Labour Market Challenges Amidst the COVID-19 Crisis: Addressing Youth Vulnerability

Labour Market Challenges Amidst the COVID-19 Crisis: Addressing Youth Vulnerability

Mohd Amirul Rafiq Abu Rahim (University of Malaya, Malaysia), Diana Abdul Wahab (University of Malaya, Malaysia), Rohana Jani (University of Malaya, Malaysia) and Nazim Aimran (Universiti Teknologi MARA, Malaysia)
DOI: 10.4018/978-1-7998-7480-5.ch014
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Abstract

The chapter discussed the reasons for the labour market vulnerability of youth and the challenges they face amidst the COVID-19 pandemic. While youth have been experiencing unsatisfactory progress in the labour market, the pandemic crisis has worsened it. Challenges in the labour market outcome include higher youth unemployment, financial instability (due to low wages and decrease in monthly income), labour market skill mismatch, low quality of jobs, and difficulties in school-to-work transitions, which threaten to widen the pre-existing challenges. This chapter also discussed remedial actions on policy options and interventions to the labour market to alleviate those challenges. The vulnerability of youths must be identified, heard, and targeted with proper measures to address the challenges that the young workers face in the current labour market.
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Introduction

Young people's contribution to national prosperity and productivity and inclusive development is undeniable, and hence, the Malaysian Government is aware of an all-inclusive policy. Considering the significance of youth's contributions, the Government has been paying attention to youth development since post-independence in 1957. Several guidelines have been developed targeted at youth, such as Malaysia's National Youth Development Policy, which specifies the attention of various development programmes and activities focusing on youth. Continued targeted programmes for youth have been well developed through the Eleventh Five-Year Malaysia Plan (2016-2020), focusing on enhancing youth's skills and training, wages, and labour productivity. The document also aimed to create more skilled jobs, which would benefit youth (Government of Malaysia, 2015).

Significantly—the Department of Statistics Malaysia (DOSM) estimated that 9.22 million young people aged 15-29 years in 2020, representing 28.2 percent of Malaysia's population and 40.5 percent of the total working-age population (15-64 years). One in every two youths (55.7%) was employed, and the ratio of employment-to-population is about 22.9 percent.1 The remaining young people were unemployed, i.e. 401.8 thousand, and 2.3 million were outside the labour force2 (DOSM, 2020a). Before the COVID-19 crisis, youth were already facing significant obstacles to progress in the labour market: high youth unemployment rates, difficulties in the transition from school to the job market, and inability to secure jobs commensurate with their education qualification.3 The pandemic crisis that started in early 2020 compounds the obstacles.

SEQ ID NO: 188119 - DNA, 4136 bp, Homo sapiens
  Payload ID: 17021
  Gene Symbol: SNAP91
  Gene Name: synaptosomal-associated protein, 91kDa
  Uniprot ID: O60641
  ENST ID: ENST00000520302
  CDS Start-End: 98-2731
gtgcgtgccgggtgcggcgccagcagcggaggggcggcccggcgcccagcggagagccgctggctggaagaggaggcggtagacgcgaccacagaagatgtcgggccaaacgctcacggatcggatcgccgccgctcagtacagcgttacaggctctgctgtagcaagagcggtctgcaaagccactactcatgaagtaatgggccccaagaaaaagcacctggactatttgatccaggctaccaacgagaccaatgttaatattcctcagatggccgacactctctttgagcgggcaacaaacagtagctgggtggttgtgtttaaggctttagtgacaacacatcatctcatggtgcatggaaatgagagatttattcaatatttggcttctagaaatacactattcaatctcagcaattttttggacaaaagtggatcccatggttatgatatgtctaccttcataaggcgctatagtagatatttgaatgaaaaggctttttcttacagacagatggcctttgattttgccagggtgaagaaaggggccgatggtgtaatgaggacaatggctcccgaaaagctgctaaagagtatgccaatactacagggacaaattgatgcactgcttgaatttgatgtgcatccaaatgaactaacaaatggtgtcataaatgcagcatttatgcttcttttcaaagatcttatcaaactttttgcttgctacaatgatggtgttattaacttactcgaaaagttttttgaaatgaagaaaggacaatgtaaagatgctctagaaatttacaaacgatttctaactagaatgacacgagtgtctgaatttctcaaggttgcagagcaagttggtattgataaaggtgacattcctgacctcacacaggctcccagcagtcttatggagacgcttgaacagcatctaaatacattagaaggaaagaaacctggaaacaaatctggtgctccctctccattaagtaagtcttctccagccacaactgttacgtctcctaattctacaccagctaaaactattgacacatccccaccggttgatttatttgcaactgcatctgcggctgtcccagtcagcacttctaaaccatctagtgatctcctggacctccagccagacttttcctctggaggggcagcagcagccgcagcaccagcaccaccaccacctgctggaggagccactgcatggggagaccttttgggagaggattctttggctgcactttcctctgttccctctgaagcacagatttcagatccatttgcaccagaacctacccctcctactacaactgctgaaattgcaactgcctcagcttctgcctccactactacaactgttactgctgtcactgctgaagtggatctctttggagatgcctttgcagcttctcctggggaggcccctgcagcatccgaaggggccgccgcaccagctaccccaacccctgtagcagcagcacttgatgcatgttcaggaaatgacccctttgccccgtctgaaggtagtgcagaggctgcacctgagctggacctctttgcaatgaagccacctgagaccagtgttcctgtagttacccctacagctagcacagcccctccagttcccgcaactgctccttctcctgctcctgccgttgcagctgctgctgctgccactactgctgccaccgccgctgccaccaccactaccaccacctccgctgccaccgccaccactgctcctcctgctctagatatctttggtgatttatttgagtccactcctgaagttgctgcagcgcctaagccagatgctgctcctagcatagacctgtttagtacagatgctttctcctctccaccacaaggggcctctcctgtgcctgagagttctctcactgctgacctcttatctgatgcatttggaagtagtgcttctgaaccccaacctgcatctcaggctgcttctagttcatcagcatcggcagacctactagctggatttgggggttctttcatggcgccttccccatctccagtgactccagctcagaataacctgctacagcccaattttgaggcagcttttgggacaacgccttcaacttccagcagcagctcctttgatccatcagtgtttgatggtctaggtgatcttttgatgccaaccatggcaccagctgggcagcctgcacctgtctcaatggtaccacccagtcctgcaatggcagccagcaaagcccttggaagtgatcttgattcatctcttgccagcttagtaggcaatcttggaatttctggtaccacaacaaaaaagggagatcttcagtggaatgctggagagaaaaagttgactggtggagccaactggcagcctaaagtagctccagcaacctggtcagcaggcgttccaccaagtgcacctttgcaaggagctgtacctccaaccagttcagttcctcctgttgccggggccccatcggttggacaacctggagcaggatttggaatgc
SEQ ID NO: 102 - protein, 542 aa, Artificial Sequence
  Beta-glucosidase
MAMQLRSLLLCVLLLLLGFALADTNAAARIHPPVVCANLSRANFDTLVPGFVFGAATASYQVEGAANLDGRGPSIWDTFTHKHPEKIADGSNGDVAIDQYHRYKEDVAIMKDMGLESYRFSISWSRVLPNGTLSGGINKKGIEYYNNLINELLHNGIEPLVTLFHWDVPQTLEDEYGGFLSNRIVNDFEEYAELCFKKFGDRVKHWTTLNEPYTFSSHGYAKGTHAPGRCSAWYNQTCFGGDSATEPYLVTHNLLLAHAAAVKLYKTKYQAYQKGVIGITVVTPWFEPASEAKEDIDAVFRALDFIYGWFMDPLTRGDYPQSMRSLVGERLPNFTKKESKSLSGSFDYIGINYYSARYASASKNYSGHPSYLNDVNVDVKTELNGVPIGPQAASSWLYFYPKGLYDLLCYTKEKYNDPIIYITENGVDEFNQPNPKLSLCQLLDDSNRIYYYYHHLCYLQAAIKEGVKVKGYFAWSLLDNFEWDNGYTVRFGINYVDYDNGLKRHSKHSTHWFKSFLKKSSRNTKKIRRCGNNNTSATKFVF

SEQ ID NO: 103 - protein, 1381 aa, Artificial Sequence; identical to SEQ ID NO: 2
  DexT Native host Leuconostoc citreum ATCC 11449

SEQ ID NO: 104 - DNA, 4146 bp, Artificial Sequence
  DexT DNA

The main focus of this chapter is to assess evidence about the impacts of the COVID-19 crisis on young people and showcase how young people in the Malaysian context are vulnerable to the present crisis. The focus of this chapter is on young people of 15-29 years old. It addresses the vulnerability of youth in the population amidst the pandemic crisis. Some policy options and interventions that could alleviate the youths' challenges in Malaysia's context are highlighted in this chapter.

This chapter will also provide some policy options to provide practical solutions to help protect young people during the crisis. Even though the proposal to the solutions is generally different and depending on the range of concerns the country faces, several impacts and implications on young people would have been generally the same. This is owing to the main areas of vulnerability to young people mirror the transition they associated throughout their labour market process (particularly in job seeking process) since the lack of opportunities. In addition, they face developing social capital. Their social position—understandably marginalized and common in an economic downturn—with the effects of employment outcome and condition, income and purchasing power and the access to other initiatives and opportunities by the Government—is significant evidence of how young people cope in the crises. This is such a complex issue that could provide essential alarm signalling their condition by the crisis. This section provides an overview and introduction of the youth4 demographic, education and employment structure in Malaysia before the hit of COVID -19. Therefore, it delivers a baseline to the chapter's overall context in addressing the youth vulnerability in the labour market in facing the effect of COVID-19.

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